> Zum Inhalt

Radiation Physics


Our group specializes in the application of ionizing radiation (and analysis thereof) to a wide variety of interrelated problems across the physical and life sciences.  Our unique resources and fusion of scientific capabilities allow for an unusually diverse program of research and instruction.  Our interests include, but are not limited to, medical uses and biological effects of ionizing radiation (in imaging, therapy and space-flight), the effect (and quantification thereof) of ionizing radiation on matter and the application of ionizing radiation to trace and bulk elemental analysis of a multitude of sample types.  This richly varied work occurs at the interfaces of X-ray, accelerator and medical physics complimented by necessary competence in radiation dosimetry and nuclear and radio-chemistry


Research Areas

X-ray Physics

In X-ray physics, we specialize in the application and development of energy dispersive X-ray fluorescence (EDXRF) techniques.  We apply these methods to trace (e.g. environmental samples) and bulk element detection (e.g. chemical analysis and fingerprinting) as well as element specific imaging (e.g. of tissue and bone).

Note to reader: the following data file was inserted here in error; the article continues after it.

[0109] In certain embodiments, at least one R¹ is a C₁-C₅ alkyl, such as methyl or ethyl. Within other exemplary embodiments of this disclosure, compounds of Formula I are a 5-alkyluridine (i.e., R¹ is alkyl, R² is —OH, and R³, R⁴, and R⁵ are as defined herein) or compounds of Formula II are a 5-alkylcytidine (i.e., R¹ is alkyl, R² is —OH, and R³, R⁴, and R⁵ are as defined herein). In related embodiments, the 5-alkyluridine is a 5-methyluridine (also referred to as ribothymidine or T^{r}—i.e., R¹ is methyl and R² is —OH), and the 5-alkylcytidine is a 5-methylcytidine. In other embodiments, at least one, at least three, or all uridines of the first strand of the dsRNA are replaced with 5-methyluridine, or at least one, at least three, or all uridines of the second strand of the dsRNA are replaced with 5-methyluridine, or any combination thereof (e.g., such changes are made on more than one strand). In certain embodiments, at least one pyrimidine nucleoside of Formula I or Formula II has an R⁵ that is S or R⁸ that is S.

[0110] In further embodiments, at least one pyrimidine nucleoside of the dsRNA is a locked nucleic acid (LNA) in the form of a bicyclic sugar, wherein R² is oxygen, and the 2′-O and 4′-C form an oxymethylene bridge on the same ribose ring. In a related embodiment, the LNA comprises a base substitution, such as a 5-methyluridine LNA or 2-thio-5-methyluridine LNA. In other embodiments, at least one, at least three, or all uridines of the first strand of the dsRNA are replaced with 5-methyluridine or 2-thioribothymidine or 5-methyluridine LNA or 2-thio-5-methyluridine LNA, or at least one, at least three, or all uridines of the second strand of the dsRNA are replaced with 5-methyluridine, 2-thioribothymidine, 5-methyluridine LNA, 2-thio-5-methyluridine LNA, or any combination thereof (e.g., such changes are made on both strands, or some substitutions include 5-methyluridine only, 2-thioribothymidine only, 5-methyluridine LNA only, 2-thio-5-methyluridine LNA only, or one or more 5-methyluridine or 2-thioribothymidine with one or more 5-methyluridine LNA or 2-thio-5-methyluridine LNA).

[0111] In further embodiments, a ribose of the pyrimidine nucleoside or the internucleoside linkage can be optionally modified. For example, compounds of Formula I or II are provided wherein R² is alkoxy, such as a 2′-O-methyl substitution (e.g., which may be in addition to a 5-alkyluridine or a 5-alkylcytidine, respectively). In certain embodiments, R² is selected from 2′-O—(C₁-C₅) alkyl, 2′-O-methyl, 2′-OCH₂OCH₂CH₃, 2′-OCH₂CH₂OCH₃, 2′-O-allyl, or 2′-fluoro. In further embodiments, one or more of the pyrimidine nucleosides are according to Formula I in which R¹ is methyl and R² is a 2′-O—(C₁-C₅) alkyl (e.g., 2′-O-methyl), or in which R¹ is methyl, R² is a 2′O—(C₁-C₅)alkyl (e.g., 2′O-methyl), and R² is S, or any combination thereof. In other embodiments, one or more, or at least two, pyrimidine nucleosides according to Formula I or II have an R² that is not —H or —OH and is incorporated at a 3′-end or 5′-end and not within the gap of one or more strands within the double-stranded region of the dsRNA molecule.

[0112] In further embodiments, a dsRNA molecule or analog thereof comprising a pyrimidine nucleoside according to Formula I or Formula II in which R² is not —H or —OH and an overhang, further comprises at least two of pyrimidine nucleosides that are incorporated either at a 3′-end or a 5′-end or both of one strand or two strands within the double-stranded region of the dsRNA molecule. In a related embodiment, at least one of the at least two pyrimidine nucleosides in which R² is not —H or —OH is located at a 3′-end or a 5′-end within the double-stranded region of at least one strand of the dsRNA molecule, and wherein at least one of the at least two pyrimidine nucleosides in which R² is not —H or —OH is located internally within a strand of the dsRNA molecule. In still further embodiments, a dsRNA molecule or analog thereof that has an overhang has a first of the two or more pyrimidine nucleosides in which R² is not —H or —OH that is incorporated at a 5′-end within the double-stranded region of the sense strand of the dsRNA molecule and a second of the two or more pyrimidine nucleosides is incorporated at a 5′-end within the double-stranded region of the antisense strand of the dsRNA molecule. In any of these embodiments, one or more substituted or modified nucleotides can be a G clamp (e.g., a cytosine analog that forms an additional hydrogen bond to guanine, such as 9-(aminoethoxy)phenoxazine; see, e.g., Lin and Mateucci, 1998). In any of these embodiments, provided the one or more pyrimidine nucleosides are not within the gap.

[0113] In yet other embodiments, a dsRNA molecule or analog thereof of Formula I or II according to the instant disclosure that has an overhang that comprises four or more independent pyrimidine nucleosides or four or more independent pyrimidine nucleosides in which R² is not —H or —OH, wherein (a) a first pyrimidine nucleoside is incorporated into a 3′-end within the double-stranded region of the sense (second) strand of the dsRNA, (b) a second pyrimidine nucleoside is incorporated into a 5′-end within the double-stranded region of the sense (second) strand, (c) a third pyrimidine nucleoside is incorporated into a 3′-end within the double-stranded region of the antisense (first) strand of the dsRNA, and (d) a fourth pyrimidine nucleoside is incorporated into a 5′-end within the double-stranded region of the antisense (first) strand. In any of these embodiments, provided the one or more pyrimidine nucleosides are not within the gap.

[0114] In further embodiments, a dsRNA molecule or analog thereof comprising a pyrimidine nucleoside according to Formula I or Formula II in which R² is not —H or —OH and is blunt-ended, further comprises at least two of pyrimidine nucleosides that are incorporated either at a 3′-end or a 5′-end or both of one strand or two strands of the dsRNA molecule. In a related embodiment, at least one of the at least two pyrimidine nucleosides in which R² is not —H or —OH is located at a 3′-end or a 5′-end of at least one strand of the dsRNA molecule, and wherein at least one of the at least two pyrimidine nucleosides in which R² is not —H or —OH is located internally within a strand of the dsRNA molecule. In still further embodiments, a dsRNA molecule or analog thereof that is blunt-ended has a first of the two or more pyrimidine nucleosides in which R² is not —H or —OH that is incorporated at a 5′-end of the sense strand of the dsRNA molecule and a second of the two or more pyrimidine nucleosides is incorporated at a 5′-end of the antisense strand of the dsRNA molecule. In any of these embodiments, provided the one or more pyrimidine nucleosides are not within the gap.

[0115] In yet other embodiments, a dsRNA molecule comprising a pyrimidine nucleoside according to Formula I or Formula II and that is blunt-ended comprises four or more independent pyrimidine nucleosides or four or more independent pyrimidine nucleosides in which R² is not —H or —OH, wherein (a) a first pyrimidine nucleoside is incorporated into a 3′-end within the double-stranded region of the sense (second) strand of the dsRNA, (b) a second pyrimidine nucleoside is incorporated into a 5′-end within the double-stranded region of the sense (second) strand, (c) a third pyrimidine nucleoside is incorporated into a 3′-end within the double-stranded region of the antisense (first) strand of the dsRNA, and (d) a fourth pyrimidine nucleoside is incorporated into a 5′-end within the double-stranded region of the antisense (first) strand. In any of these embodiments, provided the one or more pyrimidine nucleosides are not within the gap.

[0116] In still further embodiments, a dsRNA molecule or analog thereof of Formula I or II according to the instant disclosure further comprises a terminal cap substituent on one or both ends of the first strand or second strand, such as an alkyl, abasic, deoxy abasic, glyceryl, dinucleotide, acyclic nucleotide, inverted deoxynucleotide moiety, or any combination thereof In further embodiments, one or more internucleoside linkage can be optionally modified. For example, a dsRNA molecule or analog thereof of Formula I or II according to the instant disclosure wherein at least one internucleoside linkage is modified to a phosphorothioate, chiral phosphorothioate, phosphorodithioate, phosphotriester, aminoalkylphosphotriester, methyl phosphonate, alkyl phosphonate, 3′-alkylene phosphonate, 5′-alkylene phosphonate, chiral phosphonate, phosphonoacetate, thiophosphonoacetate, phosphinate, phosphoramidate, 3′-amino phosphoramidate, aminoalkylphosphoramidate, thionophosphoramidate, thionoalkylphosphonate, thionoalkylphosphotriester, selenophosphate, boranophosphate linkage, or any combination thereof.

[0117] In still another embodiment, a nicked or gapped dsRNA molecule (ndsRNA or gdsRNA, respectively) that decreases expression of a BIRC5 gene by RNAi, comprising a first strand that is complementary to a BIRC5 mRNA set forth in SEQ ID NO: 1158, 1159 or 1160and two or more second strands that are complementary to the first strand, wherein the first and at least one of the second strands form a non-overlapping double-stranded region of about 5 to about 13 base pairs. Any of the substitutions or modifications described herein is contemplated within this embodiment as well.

Accelerator Physics

Medical Physics

In medical physics we specialize in study of the therapeutic application and biological effects of ionizing radiation utilizing accelerator beam facilities at MedAustron.  These effects are studied by experimental and theoretical investigation of nuclear reaction cross sections, dosimetric assessment (TLD), development of heavy ion transport codes, assessment of DNA damage and range verification by PET.


Our dosimetric expertise extends to the application and quantification of the effects of ionizing radiation on biological and inorganic (material) systems.  We utilizing thermoluminesence to assess the effects of complex radiation fields (cosmological and terrestrial/anthropogenic) on organisms (biological effects) and materials (dating, archeometry).

Radio- and Nuclear Chemistry

We exploit radiochemical and radioanalytical methods to apply and quantify synthetic and natural nuclear radiation to chemical (environmental analysis, synthetic and physical chemistry) and analytical problems (archeometry, bulk analysis, analytical chemistry).  Our unique facility is built around our TRIGA II research reactor (neutron source for activation analysis) and energy sensitive (gamma-ray spectroscopy, liquid scintillation counting) and insensitive (proportional counters, Geiger-Müller counters, etc.) radiation detection equipment.